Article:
PITTSFIELD — I believe it was Marcus Aurelius who said: “Once you pop, you can’t stop.”
That, friends, is fat biking.
Addiction. Obsession. Call it what you want. All I can say is those 4.8-inch tires are rolling me and lots of other Western Massachusetts riders directly to cycling nirvana.
Note that I didn’t say “winter cycling.” My fat bike — a 2020 Rocky Mountain Blizzard 10 — has taken me seamlessly from fall to winter, with only two days washed out because of ice storms (if I had tire studs, I would’ve missed no days). I expect to be riding all year long.
Most avid cyclists hang up their little mushroom helmets, unitards and cargo shorts as soon as the ground becomes covered with snow. They switch gears to other winter sports, which they typically don’t do with the same zeal or frequency as their spring, summer or fall cycling.
We cyclists can get a little chunky come winter, embracing microbrews and cheese platters instead of bike grips.
With fat bikes, the season of your discontent is about to change.
Alternative is becoming the norm
If you: Enjoy glade skiing but worry that you’ll wrap yourself around a tree? Yearn for something more radical and speedy than cross-country skiing? Hate winter running because winter running is awful?
Fat biking is the answer. With their much larger tires, fat bikes are taking over the local trails near me and near you, giving riders four-season access to the wealth of nearly wild places that we have here in the hills.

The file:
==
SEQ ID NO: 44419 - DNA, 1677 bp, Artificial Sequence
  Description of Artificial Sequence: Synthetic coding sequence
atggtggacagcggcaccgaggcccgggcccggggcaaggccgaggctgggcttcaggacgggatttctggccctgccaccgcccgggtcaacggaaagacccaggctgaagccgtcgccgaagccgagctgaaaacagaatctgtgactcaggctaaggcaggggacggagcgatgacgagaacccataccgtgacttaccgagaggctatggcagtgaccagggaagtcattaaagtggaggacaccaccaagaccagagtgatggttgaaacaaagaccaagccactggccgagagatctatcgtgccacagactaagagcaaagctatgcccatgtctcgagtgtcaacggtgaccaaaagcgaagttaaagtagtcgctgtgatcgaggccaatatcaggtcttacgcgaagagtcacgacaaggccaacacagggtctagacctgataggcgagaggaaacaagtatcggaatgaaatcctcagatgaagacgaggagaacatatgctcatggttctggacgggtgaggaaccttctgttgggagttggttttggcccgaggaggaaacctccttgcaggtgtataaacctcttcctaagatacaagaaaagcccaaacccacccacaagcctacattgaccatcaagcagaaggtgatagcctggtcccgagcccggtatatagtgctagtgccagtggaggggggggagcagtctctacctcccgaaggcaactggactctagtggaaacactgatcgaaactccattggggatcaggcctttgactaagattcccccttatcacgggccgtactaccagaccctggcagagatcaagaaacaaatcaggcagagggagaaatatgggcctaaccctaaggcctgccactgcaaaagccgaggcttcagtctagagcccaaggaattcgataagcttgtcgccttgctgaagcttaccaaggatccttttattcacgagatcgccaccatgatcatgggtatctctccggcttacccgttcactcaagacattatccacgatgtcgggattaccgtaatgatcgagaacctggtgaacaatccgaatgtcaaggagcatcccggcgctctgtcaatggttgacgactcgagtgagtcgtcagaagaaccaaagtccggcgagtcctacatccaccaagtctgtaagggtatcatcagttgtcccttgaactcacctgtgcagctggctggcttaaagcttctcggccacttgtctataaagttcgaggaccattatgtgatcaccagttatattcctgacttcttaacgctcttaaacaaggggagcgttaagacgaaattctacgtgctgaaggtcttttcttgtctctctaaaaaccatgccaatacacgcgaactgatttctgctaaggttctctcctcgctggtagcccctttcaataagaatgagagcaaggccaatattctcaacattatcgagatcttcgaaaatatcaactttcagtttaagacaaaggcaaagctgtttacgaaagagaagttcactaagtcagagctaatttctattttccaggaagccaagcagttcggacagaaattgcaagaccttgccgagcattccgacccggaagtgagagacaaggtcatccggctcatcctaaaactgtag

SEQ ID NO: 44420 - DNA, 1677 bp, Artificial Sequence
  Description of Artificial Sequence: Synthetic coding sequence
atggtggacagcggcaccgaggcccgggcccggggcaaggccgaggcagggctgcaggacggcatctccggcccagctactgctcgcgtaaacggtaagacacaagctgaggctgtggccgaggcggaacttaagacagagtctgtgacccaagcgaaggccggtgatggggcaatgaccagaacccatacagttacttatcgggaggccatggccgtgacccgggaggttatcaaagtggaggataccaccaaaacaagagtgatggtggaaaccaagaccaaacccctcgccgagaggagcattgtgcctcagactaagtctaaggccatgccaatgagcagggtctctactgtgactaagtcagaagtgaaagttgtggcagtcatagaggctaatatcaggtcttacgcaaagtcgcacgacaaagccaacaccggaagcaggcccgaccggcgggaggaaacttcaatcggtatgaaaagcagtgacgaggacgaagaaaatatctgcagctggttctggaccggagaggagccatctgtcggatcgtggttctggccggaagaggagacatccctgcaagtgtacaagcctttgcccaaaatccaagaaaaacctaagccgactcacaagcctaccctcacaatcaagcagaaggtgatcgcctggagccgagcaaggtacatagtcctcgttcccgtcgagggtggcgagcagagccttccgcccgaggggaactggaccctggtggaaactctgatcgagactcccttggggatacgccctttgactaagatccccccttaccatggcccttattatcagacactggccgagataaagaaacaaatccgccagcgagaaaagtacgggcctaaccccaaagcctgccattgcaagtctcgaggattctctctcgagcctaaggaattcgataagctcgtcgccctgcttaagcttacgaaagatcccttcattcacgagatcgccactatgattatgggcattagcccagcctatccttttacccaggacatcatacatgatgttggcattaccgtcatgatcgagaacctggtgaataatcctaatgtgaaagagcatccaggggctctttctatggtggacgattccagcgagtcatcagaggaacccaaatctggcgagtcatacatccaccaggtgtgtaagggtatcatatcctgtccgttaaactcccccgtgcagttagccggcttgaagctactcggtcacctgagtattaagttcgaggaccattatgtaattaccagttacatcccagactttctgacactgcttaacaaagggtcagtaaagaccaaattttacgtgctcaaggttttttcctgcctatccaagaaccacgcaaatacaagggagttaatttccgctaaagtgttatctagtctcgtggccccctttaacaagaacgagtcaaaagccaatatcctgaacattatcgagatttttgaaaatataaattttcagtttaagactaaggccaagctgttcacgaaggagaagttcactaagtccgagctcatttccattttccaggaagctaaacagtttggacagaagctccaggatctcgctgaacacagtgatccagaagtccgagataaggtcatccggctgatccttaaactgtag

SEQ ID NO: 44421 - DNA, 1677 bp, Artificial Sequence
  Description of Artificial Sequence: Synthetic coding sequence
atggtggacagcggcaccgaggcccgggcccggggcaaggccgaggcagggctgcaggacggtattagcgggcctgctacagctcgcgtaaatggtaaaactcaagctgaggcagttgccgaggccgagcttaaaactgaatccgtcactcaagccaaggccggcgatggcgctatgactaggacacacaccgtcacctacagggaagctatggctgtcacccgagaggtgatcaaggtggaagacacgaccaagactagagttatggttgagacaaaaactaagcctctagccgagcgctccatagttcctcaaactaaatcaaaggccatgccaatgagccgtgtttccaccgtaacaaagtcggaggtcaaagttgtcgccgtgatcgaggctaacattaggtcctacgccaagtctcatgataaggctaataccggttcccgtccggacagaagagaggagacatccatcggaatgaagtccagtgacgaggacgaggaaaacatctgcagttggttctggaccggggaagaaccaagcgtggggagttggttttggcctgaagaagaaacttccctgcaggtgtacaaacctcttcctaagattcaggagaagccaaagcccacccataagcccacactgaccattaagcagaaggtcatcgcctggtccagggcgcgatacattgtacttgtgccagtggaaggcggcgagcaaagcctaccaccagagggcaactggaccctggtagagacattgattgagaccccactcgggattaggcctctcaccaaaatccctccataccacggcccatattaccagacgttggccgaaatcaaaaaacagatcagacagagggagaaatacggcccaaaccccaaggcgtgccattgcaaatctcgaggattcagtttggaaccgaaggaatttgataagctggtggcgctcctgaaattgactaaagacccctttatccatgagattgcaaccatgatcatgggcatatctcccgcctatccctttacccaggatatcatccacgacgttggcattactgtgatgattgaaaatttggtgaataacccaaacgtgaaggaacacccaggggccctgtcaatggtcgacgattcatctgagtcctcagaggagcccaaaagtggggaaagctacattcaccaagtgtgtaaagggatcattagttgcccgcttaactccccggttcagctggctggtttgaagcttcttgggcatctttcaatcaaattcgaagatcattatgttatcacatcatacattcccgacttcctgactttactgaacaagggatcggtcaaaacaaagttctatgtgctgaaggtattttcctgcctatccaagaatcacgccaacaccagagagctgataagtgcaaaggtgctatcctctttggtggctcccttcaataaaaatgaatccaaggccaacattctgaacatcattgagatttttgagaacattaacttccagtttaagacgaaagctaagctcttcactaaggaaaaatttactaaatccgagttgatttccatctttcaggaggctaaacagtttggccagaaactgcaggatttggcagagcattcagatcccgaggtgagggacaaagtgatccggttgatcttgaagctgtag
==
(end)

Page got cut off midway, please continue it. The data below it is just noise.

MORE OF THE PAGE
On my home trails these days, the winter script has flipped, with cross-country skiers, walkers and snowshoers now a minority, and fat bikers making tracks to the deepest reaches of our state and town forests.
In ice-cold winter darkness, I’ve looked down from 2,350 feet on the city of North Adams, all lit up like a Christmas; I’ve surfed down giant berms in October Mountain State Forest without another soul in sight; several times, I’ve stopped and exchanged glances with a barred owl who hunts on my regular route, or matched speed with a goshawk patrolling over country fields.
Shock absorption and rolling
The most distinctive feature of the bike is its tires, more than double the width of an average mountain bike. Because of their size and squishiness, they absorb a ton of shock. Smaller obstacles that can stymie traditional mountain bike tires — such as rocks, roots, uneven ground — are either not noticeable or greatly reduced on a fat bike.
Bigger obstacles, like stone walls, boulders, logs and stream crossings, are infinitely easier, too. Instead of being scared, I now roll and glide over most things.
Generally, rolling is a big part of mountain biking: The more you can roll over obstacles, the more energy you can put into pedaling; and with more pedaling comes greater distances, as well as more opportunities to focus on conquering old and new challenges, to push yourself to improve.
The act of rolling, aside from being a building block or the means to an end, is also an end in itself. It has the feel of snowboarding, surfing, skateboarding or skiing: a flowing sensation of cranking and gliding, up and down, from one hill to the next.